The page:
35 Wn.2d 230, In the Matter of the Application for a Writ of Habeas Corpus of LEO MOON, Petitioner, v. JOHN R. CRANOR, as Warden of the State Penitentiary, Respondent

[No. 31242. Department Two.      Supreme Court      December 10, 1949.]

In the Matter of the Application for a Writ of Habeas Corpus
     of LEO MOON, Petitioner, v. JOHN R. CRANOR, as Warden
           of the State Penitentiary, Respondent.1

[1] HABEAS CORPUS - PROCEEDINGS - SCOPE OF INQUIRY. In a habeas corpus proceeding, where it is alleged that a defendant has been charged with one crime and sentenced for another, the court will examine the information, notwithstanding the regularity of the judgment and sentence on its face, only to ascertain what crime is charged and not to question its sufficiency.

[2] LARCENY - FALSE PRETENSES - OBTAINING PROPERTY BY AID OF WORTHLESS CHECK - INFORMATION - SUFFICIENCY OF LANGUAGE TO CHARGE FELONY. Where the information charged a defendant with feloniously obtaining from a certain store merchandise in the "sum" of thirty-four dollars by aid of a worthless check, such information charged the defendant with obtaining merchandise of the "value" of thirty-four dollars, and therefore it charged the crime defined by Rem. Rev. Stat., 2601(2), which is punishable as a felony.

Application filed in the supreme court October 14, 1949, for a writ of habeas corpus. Denied.

Leo Moon, pro se.

The Attorney General and John D. Blankinship, Assistant, for respondent.

MALLERY, J. -

This case comes to us as a petition for a writ of habeas corpus by an inmate of the state penitentiary.

December 13, 1948, petitioner was charged in Walla Walla county with grand larceny by check. Under the heading "Statement of the case," petitioner concisely sets out his version of the facts:

"Petitioner, realizing the said charge was a misdemeanor, refused the court's offer to appoint counsel and placed himself at the mercy of the court by pleading guilty, hoping some mitigation of the sentence would be forthcoming from his pleading guilty.

"The Court read the charge to defendant as Grand Larceny by Check and defendant pleaded guilty and was then and there sentenced to the Washington State Penitentiary,


1 Reported in 212 P. (2d) 775.

[1] 76 A. L. R. 468; 25 Am. Jur. 187.

 Dec. 1949]          IN RE MOON v. CRANOR.           231

arriving there the same day as sentenced, December 18, 1948. On receiving his copy of the Judgment and Sentence, petitioner found the charge had been changed to read plain GRAND LARCENY, a crime carrying a much stiffer penalty than the one he had been convicted of committing."

[1] When it is alleged that a defendant has been charged with one crime and sentenced for another, we examine the information, notwithstanding the regularity of the judgment and sentence on its face. In re Sorenson v. Smith, 34 Wn. (2d) 659, 209 P. (2d) 479. We do this only to ascertain what crime is charged, not to question its sufficiency. As was said in In re Boggie, 24 Wn. (2d) 102, 163 P. (2d)575: "The sufficiency of the information may not be challenged by habeas corpus."

We set out the charging part of the information, which reads as follows:

"That the said Leo H. Moon in the county of Walla Walla, State of Washington, on or about the 8th day of December 1948, being then and there did wilfully, unlawfully and feloniously obtain from the New York Store merchandise in the sum of $34.00 in lawful money of the United States, the property of the New York Store, with intent to deprive the owner thereof, and he, the said Leo H. Moon then and there knowing that the drawer of said check was not authorized or entitled to draw the same, . . ."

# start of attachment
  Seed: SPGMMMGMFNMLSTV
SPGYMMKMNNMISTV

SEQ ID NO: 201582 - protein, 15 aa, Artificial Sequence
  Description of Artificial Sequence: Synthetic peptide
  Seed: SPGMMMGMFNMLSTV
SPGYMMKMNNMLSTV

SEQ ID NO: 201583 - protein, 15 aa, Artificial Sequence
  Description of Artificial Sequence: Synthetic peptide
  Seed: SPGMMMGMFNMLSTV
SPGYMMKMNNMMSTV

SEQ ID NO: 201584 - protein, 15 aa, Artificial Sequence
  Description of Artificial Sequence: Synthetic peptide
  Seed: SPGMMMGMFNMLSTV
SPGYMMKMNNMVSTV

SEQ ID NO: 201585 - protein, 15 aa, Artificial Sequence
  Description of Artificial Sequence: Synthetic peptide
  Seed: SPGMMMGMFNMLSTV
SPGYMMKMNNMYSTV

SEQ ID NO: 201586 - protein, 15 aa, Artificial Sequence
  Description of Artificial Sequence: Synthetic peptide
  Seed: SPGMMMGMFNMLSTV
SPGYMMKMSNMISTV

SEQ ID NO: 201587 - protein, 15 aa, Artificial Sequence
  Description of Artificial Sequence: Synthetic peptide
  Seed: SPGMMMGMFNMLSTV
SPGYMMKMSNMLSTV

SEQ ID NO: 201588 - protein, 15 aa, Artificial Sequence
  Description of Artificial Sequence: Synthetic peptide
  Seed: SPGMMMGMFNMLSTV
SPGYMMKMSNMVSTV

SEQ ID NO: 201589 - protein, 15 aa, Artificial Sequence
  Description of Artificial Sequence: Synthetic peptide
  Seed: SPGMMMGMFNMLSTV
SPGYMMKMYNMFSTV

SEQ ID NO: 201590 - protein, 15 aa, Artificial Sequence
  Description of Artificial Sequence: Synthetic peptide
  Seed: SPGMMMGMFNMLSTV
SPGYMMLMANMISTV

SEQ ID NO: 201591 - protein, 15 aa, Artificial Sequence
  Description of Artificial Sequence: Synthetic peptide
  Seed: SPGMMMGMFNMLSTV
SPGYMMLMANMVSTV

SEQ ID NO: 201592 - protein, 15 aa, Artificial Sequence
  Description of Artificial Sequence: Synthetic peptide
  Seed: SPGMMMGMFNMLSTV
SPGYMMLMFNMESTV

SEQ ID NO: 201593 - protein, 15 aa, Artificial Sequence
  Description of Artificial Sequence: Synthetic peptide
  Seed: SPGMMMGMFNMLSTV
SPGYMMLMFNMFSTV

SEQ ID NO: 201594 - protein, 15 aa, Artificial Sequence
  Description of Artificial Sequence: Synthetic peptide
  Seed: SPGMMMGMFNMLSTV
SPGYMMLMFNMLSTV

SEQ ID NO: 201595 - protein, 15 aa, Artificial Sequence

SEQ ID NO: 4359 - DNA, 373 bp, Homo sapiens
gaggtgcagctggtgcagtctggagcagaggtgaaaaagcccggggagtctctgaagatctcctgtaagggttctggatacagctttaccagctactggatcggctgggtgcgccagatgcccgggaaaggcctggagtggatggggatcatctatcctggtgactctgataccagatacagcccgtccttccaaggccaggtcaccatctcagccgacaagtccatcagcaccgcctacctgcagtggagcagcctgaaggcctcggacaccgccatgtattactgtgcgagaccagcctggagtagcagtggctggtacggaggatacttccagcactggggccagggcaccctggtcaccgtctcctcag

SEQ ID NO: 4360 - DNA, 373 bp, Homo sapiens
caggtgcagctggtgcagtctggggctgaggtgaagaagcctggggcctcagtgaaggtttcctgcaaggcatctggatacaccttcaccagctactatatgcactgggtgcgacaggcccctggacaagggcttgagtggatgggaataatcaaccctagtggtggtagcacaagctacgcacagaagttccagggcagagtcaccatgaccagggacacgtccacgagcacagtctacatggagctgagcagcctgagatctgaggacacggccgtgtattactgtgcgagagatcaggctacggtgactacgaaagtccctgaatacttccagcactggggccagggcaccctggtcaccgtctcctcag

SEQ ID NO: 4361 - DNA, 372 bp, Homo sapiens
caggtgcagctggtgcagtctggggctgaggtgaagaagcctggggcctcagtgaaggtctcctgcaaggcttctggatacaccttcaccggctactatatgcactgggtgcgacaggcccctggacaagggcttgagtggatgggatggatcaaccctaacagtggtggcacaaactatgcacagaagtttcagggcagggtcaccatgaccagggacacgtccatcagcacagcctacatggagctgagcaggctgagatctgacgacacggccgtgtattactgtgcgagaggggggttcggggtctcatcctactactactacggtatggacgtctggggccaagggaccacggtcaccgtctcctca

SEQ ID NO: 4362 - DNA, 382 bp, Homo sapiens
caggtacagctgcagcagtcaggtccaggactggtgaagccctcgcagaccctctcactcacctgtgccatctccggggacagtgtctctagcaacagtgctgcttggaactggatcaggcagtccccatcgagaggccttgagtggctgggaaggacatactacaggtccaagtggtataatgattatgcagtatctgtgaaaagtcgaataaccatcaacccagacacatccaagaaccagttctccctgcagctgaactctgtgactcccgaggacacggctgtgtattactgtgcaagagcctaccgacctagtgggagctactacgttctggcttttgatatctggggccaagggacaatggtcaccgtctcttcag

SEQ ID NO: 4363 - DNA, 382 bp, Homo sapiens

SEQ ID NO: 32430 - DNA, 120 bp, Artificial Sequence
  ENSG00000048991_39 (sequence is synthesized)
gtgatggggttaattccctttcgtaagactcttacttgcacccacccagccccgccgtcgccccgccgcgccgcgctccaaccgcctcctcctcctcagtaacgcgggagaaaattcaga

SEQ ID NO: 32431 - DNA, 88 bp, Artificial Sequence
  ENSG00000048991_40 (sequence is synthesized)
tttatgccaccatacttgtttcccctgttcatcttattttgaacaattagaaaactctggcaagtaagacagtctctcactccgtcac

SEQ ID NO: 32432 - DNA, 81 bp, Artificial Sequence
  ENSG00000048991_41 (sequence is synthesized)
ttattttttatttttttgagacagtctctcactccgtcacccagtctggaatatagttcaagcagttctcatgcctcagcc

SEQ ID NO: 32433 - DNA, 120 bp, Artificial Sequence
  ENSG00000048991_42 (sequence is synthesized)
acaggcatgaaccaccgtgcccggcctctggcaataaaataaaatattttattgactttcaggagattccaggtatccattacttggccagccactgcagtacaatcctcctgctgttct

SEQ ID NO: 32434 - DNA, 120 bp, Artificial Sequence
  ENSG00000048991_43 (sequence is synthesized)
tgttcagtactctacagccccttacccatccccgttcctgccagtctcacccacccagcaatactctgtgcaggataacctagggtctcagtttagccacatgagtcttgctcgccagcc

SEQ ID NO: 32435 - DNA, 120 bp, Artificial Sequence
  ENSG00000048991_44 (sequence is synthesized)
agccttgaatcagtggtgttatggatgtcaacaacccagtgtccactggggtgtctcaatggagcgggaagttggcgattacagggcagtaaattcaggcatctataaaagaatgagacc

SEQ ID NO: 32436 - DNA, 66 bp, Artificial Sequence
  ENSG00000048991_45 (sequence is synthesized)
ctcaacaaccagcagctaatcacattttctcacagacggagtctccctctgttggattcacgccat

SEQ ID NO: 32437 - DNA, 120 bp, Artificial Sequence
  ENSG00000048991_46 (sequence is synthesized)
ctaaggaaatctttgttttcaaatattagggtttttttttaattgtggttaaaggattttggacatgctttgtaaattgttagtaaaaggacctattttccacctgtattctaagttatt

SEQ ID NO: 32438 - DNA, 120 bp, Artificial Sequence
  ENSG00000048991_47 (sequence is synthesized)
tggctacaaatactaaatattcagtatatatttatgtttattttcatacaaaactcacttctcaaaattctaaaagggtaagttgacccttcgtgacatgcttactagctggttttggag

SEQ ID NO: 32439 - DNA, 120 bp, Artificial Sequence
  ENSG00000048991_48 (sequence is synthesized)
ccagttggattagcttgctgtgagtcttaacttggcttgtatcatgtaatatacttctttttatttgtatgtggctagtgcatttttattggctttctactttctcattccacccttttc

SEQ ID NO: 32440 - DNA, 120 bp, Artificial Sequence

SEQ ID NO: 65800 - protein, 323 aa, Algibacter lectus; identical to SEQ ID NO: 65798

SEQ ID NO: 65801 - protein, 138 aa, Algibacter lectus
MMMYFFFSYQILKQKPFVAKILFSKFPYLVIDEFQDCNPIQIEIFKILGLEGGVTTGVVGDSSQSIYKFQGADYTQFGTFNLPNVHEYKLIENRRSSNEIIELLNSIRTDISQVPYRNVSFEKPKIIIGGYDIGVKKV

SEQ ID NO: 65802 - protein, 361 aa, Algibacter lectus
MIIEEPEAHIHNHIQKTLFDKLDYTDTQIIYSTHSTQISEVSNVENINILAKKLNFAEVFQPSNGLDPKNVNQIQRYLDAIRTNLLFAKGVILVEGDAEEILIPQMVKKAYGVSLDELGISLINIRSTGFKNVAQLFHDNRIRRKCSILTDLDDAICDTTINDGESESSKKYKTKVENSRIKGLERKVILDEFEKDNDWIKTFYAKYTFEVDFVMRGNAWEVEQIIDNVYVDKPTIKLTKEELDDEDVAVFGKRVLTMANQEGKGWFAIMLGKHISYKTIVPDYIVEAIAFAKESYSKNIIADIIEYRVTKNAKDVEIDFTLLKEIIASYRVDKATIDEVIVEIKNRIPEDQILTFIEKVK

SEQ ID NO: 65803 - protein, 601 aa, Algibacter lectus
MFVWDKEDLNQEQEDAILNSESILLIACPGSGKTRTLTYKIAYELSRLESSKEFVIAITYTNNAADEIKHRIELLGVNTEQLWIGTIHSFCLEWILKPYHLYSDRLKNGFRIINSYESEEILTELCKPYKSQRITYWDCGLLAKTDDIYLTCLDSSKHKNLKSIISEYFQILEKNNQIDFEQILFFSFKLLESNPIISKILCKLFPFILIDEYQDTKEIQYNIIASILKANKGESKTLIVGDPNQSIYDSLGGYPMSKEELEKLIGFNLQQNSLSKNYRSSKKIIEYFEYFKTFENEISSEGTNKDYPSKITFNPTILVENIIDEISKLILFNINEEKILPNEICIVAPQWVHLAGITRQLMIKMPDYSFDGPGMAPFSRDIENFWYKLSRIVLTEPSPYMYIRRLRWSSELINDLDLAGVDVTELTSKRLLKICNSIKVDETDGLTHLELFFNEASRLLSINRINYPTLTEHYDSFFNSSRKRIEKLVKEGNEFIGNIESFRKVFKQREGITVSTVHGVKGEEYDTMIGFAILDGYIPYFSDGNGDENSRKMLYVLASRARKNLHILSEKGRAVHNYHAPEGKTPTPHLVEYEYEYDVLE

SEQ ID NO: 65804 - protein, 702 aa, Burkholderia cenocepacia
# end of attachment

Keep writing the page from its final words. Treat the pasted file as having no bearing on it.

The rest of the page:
The petitioner contends that the information was brought under Rem. Rev. Stat., 2601-2 [P.P.C. 116-41], because in the language of the information he was charged with "Grand larceny by check." This he contends charges him with uttering a check knowing he had insufficient funds, not with receiving anything of value for the check. If this contention were sound, it would follow that petitioner should have been sentenced for a gross misdemeanor, not a felony. In re Jeane v. Smith, 34 Wn. (2d) 826, 210 P. (2d) 127. However as was said in In re Sorenson: "There is no statute designating `Larceny by check' a crime."

[2] While the word value would be preferable to the word "sum," as used in the information, nevertheless, and irrespective of any suggested insufficiency in the wording,

 232    IN RE MOON v. CRANOR. [35 Wn. (2d)

we hold that the information charged petitioner with obtaining merchandise of the value of thirty-four dollars, and therefore that it charges the crime defined by Rem. Rev. Stat., 2601(2) [P.P.C. 117-47(2)], which is punishable as a felony according to Rem. Rev. Stat., 2605 [P.P.C. 117-55].

This information does not fall within the purview of the Sorenson case, which held that an information under Rem. Rev. Stat., 2601(2), which did not allege the value of the goods obtained charged a gross misdemeanor. The Sorenson and Jeane cases, considered together, hold that (A) larceny informations (1) omitting the allegation that goods were obtained by aid of a bad check, or (2) omitting any allegation as to the value of the goods so obtained, or (B) larceny informations alleging that the value of the goods so obtained was twenty-five dollars or under, charge the defendant with a gross misdemeanor, but that (C) larceny informations alleging that goods worth more than twenty-five dollars were obtained by aid of a bad check, charge the defendant under Rem. Rev. Stat., 2601(2), which is punishable as a felony according to Rem. Rev. Stat., 2605.

The petition is denied.

SIMPSON, C. J., ROBINSON, GRADY, and HAMLEY, JJ., concur.